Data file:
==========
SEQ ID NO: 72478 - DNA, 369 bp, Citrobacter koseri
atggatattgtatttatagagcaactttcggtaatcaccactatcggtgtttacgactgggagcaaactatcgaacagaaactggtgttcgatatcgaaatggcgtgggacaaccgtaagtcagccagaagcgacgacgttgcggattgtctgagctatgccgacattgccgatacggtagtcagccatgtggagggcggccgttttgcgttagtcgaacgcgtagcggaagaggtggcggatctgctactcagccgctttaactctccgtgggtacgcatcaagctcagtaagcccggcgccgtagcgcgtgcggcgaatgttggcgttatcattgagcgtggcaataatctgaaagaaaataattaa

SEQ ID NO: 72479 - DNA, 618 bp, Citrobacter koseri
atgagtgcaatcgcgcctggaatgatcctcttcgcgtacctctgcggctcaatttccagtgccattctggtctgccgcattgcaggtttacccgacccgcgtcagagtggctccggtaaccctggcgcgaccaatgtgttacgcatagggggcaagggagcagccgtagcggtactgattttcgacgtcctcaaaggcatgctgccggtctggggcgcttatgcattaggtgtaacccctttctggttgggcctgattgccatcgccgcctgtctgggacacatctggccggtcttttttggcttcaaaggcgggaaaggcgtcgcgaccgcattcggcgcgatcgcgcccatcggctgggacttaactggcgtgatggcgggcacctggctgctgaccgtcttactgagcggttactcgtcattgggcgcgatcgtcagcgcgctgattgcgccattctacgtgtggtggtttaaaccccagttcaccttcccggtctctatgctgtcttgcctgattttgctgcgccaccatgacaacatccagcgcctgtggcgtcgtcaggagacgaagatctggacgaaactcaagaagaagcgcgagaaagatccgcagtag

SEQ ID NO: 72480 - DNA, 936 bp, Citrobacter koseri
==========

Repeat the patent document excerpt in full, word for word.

SEQ ID NO: 72478 - DNA, 369 bp, Citrobacter koseri
atggatattgtatttatagagcaactttcggtaatcaccactatcggtgtttacgactgggagcaaactatcgaacagaaactggtgttcgatatcgaaatggcgtgggacaaccgtaagtcagccagaagcgacgacgttgcggattgtctgagctatgccgacattgccgatacggtagtcagccatgtggagggcggccgttttgcgttagtcgaacgcgtagcggaagaggtggcggatctgctactcagccgctttaactctccgtgggtacgcatcaagctcagtaagcccggcgccgtagcgcgtgcggcgaatgttggcgttatcattgagcgtggcaataatctgaaagaaaataattaa

SEQ ID NO: 72479 - DNA, 618 bp, Citrobacter koseri
atgagtgcaatcgcgcctggaatgatcctcttcgcgtacctctgcggctcaatttccagtgccattctggtctgccgcattgcaggtttacccgacccgcgtcagagtggctccggtaaccctggcgcgaccaatgtgttacgcatagggggcaagggagcagccgtagcggtactgattttcgacgtcctcaaaggcatgctgccggtctggggcgcttatgcattaggtgtaacccctttctggttgggcctgattgccatcgccgcctgtctgggacacatctggccggtcttttttggcttcaaaggcgggaaaggcgtcgcgaccgcattcggcgcgatcgcgcccatcggctgggacttaactggcgtgatggcgggcacctggctgctgaccgtcttactgagcggttactcgtcattgggcgcgatcgtcagcgcgctgattgcgccattctacgtgtggtggtttaaaccccagttcaccttcccggtctctatgctgtcttgcctgattttgctgcgccaccatgacaacatccagcgcctgtggcgtcgtcaggagacgaagatctggacgaaactcaagaagaagcgcgagaaagatccgcagtag

SEQ ID NO: 72480 - DNA, 936 bp, Citrobacter koseri